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J Biol Chem. 2017 Nov 24;292(47):19356-19365. doi: 10.1074/jbc.M117.795187. Epub 2017 Sep 28.

Interphotoreceptor retinoid-binding protein removes all-trans-retinol and retinal from rod outer segments, preventing lipofuscin precursor formation.

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From the Departments of Ophthalmology and Neurosciences, Medical University of South Carolina, Charleston, South Carolina 29425.
the Departments of Ophthalmology and Pathology, University of Mississippi and G. V. (Sonny) Montgomery Veterans Affairs Medical Centers, Jackson, Mississippi 39216, and.
the Departments of Ophthalmology and Visual Sciences, and Biological Chemistry, University of Michigan School of Medicine, Ann Arbor, Michigan 48105.
From the Departments of Ophthalmology and Neurosciences, Medical University of South Carolina, Charleston, South Carolina 29425,


Interphotoreceptor retinoid-binding protein (IRBP) is a specialized lipophilic carrier that binds the all-trans and 11-cis isomers of retinal and retinol, and this facilitates their transport between photoreceptors and cells in the retina. One of these retinoids, all-trans-retinal, is released in the rod outer segment by photoactivated rhodopsin after light excitation. Following its release, all-trans-retinal is reduced by the retinol dehydrogenase RDH8 to all-trans-retinol in an NADPH-dependent reaction. However, all-trans-retinal can also react with outer segment components, sometimes forming lipofuscin precursors, which after conversion to lipofuscin accumulate in the lysosomes of the retinal pigment epithelium and display cytotoxic effects. Here, we have imaged the fluorescence of all-trans-retinol, all-trans-retinal, and lipofuscin precursors in real time in single isolated mouse rod photoreceptors. We found that IRBP removes all-trans-retinol from individual rod photoreceptors in a concentration-dependent manner. The rate constant for retinol removal increased linearly with IRBP concentration with a slope of 0.012 min-1 μm-1 IRBP also removed all-trans-retinal, but with much less efficacy, indicating that the reduction of retinal to retinol promotes faster clearance of the photoisomerized rhodopsin chromophore. The presence of physiological IRBP concentrations in the extracellular medium resulted in lower levels of all-trans-retinal and retinol in rod outer segments following light exposure. It also prevented light-induced lipofuscin precursor formation, but it did not remove precursors that were already present. These findings reveal an important and previously unappreciated role of IRBP in protecting the photoreceptor cells against the cytotoxic effects of accumulated all-trans-retinal.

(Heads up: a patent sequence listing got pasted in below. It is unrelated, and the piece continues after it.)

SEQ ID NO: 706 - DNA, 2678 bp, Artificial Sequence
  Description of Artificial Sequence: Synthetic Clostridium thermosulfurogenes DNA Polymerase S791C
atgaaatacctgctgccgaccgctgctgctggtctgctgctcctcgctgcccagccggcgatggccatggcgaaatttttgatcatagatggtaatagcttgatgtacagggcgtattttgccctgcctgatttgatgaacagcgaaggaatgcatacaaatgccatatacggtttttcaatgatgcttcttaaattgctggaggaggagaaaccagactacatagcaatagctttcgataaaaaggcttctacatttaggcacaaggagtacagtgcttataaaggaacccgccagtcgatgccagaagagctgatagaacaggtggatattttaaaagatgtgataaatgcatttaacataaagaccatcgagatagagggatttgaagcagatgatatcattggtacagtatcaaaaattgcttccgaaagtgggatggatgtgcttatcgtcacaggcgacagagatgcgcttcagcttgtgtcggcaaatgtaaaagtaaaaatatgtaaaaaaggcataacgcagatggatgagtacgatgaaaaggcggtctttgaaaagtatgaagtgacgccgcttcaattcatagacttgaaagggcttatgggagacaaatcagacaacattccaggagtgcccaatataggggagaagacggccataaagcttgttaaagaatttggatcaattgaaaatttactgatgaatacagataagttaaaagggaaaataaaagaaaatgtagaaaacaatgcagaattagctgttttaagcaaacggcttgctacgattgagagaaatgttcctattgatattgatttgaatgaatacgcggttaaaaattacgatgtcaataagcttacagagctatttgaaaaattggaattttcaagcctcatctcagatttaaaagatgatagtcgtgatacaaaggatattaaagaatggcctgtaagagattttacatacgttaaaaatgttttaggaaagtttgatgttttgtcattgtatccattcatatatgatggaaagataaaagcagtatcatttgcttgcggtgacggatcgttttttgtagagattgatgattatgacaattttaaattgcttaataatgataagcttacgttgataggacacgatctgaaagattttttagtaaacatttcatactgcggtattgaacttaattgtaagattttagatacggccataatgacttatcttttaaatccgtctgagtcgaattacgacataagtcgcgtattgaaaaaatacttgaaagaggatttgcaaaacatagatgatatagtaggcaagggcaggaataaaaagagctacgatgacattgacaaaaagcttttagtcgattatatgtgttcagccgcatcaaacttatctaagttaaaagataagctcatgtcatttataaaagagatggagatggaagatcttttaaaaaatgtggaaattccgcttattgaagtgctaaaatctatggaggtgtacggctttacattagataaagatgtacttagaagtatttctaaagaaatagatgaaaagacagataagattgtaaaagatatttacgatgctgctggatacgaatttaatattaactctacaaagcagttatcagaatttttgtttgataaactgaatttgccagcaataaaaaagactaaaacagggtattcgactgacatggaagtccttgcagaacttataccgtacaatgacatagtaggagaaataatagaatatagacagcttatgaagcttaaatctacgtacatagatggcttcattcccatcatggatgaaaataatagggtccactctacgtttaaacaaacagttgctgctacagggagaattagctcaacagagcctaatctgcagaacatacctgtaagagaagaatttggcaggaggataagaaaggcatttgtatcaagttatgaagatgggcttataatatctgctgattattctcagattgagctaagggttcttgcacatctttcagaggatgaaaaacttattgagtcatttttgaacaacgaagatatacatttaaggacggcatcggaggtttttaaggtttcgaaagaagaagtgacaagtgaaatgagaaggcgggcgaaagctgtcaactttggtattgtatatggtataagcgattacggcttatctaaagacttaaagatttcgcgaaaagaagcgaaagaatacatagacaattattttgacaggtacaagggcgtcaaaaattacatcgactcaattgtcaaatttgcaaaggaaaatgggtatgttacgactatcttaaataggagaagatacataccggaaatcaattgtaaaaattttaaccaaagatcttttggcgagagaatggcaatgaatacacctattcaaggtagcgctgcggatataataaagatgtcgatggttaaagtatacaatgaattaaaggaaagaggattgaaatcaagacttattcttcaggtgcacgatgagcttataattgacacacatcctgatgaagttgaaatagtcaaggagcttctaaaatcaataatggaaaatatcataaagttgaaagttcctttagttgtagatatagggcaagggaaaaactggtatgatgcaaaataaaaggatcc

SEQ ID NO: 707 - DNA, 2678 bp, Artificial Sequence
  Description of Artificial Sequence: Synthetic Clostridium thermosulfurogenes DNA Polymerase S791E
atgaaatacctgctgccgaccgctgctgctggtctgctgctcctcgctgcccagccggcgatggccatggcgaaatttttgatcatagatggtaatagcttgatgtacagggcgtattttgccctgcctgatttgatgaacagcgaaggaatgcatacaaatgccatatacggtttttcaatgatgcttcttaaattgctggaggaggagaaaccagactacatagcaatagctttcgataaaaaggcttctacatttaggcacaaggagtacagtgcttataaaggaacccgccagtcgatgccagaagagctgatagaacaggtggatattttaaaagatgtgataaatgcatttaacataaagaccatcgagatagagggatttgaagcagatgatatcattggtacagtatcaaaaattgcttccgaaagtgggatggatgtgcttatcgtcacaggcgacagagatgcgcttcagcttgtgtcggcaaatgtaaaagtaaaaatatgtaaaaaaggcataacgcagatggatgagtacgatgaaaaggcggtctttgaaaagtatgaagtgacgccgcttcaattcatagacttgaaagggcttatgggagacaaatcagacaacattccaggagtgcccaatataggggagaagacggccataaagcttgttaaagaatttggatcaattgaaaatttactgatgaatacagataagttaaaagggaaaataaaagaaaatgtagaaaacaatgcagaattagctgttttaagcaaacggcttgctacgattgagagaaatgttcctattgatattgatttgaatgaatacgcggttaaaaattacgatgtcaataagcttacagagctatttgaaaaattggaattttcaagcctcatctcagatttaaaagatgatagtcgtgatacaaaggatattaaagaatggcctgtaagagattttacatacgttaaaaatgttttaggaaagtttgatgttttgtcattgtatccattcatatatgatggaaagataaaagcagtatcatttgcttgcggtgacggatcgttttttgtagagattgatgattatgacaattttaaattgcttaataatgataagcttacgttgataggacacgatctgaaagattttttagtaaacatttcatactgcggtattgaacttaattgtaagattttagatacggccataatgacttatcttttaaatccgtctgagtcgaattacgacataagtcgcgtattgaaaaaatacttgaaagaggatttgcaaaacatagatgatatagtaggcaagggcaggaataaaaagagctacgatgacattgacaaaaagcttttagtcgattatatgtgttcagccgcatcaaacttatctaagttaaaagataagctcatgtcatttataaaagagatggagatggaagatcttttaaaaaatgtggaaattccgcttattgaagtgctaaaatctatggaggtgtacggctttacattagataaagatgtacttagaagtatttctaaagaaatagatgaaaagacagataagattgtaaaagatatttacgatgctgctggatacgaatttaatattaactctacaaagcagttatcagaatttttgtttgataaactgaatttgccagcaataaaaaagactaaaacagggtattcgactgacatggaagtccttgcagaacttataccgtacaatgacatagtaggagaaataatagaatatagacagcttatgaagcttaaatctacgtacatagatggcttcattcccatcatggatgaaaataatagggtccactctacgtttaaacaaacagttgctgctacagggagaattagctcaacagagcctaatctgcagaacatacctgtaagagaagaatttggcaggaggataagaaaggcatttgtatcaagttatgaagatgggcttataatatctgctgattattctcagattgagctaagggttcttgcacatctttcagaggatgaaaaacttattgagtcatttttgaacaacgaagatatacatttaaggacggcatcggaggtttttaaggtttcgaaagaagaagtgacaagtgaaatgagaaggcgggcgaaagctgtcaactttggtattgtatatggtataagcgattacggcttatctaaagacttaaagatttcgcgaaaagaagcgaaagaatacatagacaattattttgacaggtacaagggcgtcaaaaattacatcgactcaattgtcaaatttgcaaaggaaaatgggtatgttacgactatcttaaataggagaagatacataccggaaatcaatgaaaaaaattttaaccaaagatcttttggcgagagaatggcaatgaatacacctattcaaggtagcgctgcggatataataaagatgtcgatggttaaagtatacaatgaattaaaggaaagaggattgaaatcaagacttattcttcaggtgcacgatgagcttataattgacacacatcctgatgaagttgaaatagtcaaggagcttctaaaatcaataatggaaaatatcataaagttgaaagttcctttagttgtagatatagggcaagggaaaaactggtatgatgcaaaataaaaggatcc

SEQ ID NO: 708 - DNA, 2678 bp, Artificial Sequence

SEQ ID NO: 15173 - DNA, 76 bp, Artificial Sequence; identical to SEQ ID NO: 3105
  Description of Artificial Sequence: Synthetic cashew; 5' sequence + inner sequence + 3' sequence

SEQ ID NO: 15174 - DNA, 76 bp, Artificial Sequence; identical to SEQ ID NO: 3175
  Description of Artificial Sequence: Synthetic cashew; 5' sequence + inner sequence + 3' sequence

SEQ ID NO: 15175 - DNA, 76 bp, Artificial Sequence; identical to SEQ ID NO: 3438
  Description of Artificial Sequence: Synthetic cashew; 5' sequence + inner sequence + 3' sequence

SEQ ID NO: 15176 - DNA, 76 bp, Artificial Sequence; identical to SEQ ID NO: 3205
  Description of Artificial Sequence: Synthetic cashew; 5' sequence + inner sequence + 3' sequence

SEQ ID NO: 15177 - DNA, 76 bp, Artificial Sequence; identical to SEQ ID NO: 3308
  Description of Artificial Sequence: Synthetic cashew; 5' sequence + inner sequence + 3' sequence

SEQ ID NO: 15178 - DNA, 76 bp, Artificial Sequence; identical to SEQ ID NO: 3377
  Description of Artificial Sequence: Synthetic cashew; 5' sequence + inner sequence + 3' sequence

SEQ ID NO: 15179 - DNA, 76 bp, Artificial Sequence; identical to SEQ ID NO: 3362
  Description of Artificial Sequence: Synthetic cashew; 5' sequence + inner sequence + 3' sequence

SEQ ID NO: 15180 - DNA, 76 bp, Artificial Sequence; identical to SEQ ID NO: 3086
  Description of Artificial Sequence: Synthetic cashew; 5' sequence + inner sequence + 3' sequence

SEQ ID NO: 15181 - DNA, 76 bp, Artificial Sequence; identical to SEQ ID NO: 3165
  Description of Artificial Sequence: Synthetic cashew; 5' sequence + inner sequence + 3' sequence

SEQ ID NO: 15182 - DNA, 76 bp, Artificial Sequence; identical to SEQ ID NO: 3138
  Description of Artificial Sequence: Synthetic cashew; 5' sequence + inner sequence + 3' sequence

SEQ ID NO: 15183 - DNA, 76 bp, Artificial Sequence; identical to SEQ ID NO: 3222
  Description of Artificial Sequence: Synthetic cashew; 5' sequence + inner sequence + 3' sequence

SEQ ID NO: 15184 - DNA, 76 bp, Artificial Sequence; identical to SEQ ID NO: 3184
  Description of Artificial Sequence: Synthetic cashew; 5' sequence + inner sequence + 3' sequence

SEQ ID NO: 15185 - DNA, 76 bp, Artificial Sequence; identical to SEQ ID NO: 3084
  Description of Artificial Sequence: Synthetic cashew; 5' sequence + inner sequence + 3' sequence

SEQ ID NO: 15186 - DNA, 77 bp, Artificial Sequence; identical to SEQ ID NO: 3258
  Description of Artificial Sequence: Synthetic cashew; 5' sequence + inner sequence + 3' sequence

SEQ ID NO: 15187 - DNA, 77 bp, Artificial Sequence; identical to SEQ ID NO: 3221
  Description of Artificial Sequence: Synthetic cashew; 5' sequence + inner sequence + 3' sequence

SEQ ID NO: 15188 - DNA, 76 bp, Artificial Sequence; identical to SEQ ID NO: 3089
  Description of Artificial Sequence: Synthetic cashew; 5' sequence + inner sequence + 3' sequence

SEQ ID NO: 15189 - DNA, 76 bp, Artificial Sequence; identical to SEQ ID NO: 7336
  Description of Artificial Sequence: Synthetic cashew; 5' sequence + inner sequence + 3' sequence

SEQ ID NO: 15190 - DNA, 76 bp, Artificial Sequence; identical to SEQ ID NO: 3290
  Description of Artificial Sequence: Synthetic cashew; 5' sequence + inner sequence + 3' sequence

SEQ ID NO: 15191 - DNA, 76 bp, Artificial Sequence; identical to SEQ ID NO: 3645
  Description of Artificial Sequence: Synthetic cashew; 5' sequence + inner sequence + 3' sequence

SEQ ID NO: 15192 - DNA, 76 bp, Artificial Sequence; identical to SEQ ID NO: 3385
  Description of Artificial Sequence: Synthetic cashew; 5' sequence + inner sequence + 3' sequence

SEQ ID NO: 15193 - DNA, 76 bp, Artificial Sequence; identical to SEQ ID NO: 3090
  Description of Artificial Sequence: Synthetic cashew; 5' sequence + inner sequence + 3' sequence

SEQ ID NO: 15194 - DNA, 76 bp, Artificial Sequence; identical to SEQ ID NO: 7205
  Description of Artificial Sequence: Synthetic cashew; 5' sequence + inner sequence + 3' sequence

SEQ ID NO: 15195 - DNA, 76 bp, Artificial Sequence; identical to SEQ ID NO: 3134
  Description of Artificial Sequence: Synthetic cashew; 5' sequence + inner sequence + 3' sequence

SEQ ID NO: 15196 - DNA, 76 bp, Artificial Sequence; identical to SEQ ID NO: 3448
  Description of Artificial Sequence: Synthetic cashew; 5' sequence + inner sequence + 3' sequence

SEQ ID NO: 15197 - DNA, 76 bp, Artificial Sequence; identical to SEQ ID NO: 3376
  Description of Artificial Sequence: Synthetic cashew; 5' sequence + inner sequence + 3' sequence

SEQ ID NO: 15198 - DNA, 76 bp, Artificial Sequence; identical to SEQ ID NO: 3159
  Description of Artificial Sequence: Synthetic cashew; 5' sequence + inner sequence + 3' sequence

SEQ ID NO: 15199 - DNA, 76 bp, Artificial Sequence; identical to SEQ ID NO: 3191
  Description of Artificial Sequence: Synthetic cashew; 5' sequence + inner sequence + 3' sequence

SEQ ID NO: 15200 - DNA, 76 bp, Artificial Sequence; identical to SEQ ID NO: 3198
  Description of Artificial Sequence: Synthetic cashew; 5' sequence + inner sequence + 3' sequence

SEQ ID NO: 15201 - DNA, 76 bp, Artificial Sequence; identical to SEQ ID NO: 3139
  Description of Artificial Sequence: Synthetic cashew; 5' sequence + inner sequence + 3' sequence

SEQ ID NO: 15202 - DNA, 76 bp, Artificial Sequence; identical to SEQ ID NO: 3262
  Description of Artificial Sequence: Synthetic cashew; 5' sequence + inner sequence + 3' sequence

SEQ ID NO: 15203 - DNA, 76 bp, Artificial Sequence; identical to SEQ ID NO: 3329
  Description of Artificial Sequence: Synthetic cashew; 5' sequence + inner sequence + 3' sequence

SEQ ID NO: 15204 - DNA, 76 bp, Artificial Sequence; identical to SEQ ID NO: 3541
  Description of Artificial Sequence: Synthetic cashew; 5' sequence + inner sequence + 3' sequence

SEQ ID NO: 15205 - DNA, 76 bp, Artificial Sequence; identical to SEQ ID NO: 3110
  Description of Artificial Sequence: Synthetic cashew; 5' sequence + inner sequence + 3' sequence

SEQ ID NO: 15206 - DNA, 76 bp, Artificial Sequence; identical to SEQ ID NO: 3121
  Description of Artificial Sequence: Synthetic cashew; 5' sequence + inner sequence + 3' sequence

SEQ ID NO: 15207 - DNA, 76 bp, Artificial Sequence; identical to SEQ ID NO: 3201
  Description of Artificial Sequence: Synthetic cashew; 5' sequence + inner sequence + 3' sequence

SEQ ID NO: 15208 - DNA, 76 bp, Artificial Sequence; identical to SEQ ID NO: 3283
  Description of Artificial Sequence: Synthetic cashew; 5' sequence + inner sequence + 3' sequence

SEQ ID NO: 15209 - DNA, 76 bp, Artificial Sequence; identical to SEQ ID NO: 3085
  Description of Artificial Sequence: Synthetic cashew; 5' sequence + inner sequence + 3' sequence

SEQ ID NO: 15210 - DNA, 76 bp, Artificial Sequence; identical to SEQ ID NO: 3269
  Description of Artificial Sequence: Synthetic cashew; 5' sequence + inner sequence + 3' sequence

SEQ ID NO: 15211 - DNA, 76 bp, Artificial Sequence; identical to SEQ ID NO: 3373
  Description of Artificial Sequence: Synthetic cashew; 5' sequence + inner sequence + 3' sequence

fluorescence; photoreceptor; retina; retinoid-binding protein; retinol

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